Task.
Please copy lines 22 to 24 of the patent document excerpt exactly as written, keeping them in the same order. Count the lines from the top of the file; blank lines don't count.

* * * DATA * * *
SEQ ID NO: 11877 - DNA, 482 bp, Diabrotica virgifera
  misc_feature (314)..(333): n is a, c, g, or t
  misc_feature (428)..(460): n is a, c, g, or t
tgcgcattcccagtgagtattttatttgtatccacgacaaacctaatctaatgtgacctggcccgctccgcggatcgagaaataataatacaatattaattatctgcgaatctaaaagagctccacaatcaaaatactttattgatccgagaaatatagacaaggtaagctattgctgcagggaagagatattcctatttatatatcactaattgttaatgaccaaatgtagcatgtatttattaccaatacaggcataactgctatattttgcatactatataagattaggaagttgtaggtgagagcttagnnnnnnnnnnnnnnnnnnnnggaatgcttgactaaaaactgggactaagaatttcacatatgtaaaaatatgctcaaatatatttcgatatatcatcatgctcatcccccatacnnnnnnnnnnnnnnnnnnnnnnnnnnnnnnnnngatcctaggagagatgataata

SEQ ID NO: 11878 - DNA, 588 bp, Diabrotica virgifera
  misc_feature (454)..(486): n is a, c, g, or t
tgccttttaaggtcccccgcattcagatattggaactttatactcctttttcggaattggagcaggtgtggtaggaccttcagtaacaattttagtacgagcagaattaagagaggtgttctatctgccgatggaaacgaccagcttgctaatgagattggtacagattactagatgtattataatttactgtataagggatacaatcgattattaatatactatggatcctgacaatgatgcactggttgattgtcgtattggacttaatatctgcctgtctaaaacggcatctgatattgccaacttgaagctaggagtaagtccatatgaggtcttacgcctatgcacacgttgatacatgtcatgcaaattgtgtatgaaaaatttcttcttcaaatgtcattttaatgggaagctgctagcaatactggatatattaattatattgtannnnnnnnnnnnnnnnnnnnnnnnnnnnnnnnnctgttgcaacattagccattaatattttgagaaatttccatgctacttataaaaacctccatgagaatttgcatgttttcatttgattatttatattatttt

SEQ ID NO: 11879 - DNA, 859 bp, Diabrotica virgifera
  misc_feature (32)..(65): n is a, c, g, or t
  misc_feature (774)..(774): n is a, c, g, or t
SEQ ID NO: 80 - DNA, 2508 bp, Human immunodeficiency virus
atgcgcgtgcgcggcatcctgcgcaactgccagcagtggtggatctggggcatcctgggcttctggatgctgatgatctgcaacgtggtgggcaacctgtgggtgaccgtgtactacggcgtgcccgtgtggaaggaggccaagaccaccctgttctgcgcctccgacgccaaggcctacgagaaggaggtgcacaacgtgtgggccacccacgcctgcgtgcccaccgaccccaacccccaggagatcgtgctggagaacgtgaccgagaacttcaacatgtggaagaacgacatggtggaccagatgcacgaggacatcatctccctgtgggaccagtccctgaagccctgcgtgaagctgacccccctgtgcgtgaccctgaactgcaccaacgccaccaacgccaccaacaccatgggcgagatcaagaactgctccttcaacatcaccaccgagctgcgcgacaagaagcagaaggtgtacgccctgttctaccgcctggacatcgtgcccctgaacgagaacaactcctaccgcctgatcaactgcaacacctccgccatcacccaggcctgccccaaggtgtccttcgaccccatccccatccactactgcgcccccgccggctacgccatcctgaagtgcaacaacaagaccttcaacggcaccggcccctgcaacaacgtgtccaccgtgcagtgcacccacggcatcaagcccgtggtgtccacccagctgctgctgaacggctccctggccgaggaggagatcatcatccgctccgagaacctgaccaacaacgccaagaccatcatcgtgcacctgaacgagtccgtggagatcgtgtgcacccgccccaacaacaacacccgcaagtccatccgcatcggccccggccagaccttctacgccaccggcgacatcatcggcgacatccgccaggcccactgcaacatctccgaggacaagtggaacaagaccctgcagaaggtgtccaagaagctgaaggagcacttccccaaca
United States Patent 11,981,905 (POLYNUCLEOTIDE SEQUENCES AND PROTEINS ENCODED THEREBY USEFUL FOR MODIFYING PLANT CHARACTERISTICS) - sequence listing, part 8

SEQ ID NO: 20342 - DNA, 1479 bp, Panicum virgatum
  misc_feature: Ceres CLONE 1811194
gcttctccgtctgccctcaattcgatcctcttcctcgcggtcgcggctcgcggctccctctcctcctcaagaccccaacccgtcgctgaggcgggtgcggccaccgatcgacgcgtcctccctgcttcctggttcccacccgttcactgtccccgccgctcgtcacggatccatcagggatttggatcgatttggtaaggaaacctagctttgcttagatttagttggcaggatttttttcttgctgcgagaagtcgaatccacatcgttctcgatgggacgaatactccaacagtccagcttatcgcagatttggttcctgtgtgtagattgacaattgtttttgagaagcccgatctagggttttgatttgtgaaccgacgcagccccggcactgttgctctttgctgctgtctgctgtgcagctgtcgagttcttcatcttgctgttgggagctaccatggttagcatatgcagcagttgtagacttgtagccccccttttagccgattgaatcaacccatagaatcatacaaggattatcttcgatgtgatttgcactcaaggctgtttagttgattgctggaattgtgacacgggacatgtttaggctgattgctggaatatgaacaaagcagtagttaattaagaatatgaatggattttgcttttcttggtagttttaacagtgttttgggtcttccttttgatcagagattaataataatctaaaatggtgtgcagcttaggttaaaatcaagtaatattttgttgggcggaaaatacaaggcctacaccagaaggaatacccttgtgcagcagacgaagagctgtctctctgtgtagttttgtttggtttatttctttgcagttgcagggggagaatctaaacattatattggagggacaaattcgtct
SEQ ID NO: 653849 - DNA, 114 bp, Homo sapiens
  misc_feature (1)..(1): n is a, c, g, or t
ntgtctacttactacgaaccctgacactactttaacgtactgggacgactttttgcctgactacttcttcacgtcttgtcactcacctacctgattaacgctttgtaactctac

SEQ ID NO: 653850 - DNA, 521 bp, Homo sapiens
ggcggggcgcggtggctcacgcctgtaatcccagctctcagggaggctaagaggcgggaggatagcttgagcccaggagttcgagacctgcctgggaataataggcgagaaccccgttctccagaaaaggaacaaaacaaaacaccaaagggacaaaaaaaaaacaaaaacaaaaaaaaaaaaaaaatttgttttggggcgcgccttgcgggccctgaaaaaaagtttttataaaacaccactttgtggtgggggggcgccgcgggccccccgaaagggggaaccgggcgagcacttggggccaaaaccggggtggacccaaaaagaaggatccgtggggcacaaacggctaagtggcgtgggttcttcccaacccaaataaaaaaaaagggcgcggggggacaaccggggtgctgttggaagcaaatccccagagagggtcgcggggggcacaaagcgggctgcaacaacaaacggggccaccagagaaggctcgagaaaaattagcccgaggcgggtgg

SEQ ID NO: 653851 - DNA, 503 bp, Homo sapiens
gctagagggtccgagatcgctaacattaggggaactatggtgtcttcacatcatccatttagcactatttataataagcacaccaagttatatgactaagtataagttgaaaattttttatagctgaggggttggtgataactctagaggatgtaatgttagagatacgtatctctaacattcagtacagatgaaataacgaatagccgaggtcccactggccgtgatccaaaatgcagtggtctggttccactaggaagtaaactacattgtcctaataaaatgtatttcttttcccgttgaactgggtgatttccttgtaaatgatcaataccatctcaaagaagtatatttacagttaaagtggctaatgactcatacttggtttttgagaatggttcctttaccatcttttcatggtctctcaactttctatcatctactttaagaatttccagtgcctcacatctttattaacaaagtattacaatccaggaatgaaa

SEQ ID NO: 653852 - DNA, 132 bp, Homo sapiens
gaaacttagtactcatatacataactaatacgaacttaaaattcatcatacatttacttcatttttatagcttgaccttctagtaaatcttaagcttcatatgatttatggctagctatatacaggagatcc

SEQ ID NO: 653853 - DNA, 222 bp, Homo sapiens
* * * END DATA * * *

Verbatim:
SEQ ID NO: 653851 - DNA, 503 bp, Homo sapiens
gctagagggtccgagatcgctaacattaggggaactatggtgtcttcacatcatccatttagcactatttataataagcacaccaagttatatgactaagtataagttgaaaattttttatagctgaggggttggtgataactctagaggatgtaatgttagagatacgtatctctaacattcagtacagatgaaataacgaatagccgaggtcccactggccgtgatccaaaatgcagtggtctggttccactaggaagtaaactacattgtcctaataaaatgtatttcttttcccgttgaactgggtgatttccttgtaaatgatcaataccatctcaaagaagtatatttacagttaaagtggctaatgactcatacttggtttttgagaatggttcctttaccatcttttcatggtctctcaactttctatcatctactttaagaatttccagtgcctcacatctttattaacaaagtattacaatccaggaatgaaa

SEQ ID NO: 653852 - DNA, 132 bp, Homo sapiens